For one thing, there’s it’s artisinal production.  Almost alone in the English-speaking Caribbean, River Antoine adheres to very old, manual forms of rum making.  The sugar cane is free from fertilizers, grown right there (not imported stock), crushed with a water wheel – perhaps the oldest working one remaining in the world – and the source of the rum is juice, not molasses. Fermented for up to eight days without added yeast – natural fermentation via wild bacteria only – in huge open-air vats and transferred to an old John Dore copper pot still (a new one was added in the 1990s).  No additives of any kind, no filtration, no ageing. They are among the most natural rums in the world and the white, which is supposedly drawn off the still at a staggering 89% ABV and bottled at 69% to facilitate transport by air, is among the most flavourful whites I’ve ever tried, and thought so even back in 2010 when I first got knocked off my chair with one.

There’s also the whole business of heritage.  In the geek rumiverse, it’s common knowledge that Mount Gay’s paperwork shows it as dating back to 1703 – though it was almost certainly making rum for at least fifty years before that – and River Antoine is by contrast a relative johnny-come-lately, being founded in 1785. The key difference is that Rivers (as it is locally referred to) is made almost exactly the way it was at the beginning, never relocated, never really changed its production methodology and is even using some of the same facilities and equipment. So if your journey along the road of discovery is taking you into the past and you want to know more about “the old way” and don’t want to go to Haiti, then Grenada may just be the place to go.

These points segue neatly into an emerging (if still small) movement of fair trading, organic ingredients and eco-friendly production methodologies.  By those standards, and bearing in mind the points above, Rivers must be a poster child for the eco-movement, like Cape Verde, Haiti and other places where rumtime seems to have slowed down to a crawl and nobody ever saw any reason to go modern.

But is it any good?  I thought so eight years ago, and in a recent, almost accidental retasting, my initially high opinion has been reconfirmed.  At 69%, unaged, unfiltered, untamed, I knew that not by any stretch of the imagination was I getting a smooth and placid cocktail ingredient, and I didn’t – it was more like getting assaulted by a clairin.  It started out with all the hallmarks of a Jamaican or Haitian white popskull – glue, acetone, vinegar, olives and brine exploded across the nose, pungent, deep and very hot. And it didn’t stop there – as it rested and then opened up, crisper and clearer notes came out to party – watermelons, pickled gherkins and sugar cane sap, married to drier, mustier aromas of cereal, old books, fresh baked bread, light fruits and even some yeast.  Weird, no?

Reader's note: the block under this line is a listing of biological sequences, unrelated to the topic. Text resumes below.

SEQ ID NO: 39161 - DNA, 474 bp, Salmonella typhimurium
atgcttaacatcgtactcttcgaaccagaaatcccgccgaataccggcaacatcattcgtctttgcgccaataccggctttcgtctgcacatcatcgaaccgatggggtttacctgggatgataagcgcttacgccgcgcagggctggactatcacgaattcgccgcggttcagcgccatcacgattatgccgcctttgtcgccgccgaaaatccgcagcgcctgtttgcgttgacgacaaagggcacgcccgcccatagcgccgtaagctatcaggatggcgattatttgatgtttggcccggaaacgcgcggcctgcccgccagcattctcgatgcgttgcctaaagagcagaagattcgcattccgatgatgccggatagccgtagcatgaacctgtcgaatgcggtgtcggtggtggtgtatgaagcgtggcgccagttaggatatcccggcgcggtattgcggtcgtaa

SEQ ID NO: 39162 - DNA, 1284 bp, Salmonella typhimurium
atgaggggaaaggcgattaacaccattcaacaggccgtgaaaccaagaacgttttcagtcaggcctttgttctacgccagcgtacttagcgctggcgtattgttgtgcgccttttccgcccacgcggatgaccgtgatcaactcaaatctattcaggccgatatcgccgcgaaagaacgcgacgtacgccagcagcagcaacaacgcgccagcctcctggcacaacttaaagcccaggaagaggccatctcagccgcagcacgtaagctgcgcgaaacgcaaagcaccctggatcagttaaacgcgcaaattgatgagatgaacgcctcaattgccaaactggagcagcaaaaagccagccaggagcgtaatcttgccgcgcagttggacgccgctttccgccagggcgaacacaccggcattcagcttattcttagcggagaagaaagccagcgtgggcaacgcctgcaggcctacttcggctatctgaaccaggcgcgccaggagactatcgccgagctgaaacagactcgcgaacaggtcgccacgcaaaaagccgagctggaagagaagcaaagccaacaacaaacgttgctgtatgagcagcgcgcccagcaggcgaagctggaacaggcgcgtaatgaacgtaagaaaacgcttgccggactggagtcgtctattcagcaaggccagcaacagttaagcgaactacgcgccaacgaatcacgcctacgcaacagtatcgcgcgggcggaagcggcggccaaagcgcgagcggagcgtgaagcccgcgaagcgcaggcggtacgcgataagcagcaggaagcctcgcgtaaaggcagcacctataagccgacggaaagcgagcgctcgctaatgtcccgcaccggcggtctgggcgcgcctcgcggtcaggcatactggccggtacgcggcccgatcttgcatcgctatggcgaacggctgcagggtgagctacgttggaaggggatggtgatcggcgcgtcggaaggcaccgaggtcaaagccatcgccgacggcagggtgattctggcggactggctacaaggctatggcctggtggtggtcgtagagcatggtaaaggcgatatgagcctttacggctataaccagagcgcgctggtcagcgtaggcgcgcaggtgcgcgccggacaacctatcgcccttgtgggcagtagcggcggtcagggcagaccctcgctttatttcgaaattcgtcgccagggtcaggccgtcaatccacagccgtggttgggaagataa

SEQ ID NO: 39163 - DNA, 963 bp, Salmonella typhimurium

As for the taste, well…whew! The palate did not slow down the slightest bit from the jagged assault of the nose but went right in. Although the initial entry was just short of crazy – “like drinking ashes and water and licking an UHU glue stick” my notes go – this offbeat profile actually developed quite well. It turned dry, minerally, the fruitiness and citrus zest took something a back seat, and it took some time to recalibrate to this. Once that settled down the fruits emerged from hiding — cherries, some guavas and yellow mangoes, orange peel, light florals…but the crazy never entirely went away, because there were also hints of gasoline and a salt lick, and the sort of binding adhesive you can occasionally smell in brand new glossy magazines (I know of no other way to describe this, honestly).  And of course the exit is quite epic – a long, searing acid fart that blows fumes of acetone, citrus, brine and deeper fruits down your throat.

This rum is like a lot of very good whites on the market right now: Rum Fire, the Sajous, Toucan, J.B White, to name just a few. Quite aside from the heritage, the history, the production and eco-friendly nature of it, the rum is simply and powerfully an amazing original even when rated against those on the list of 21 Great Whites.  It’s not a rum that apologizes for its sense of excitement, or attempts to buffer itself with a standard profile in an effort to win brownie points with the larger audience.  It is maddeningly, surely, simply itself — and while I admit that strong whites are something of a thing for me personally (and not for people who like quieter, simpler or sweeter rums), I can’t help but suggest there’s so much going on with this one that it has to be tried by rum lovers at least once.

Luca and others have told me that River Antoine are having some issues maintaining the old water wheel and the open-air vats, and repairs are continuously being made. There are rumours of upgrading the equipment, perhaps even modernizing here or there.  I’m selfish, and I hope they manage to keep the old system going – because yes, they can make their rums faster, more easily, and issue more of them. But given the old-school quality of what I tried, the sheer force and fury and potency of what they’re already doing, I somehow wonder if anything modern they do will necessarily be better…or be regarded as a Key Rum. The way I regard this one.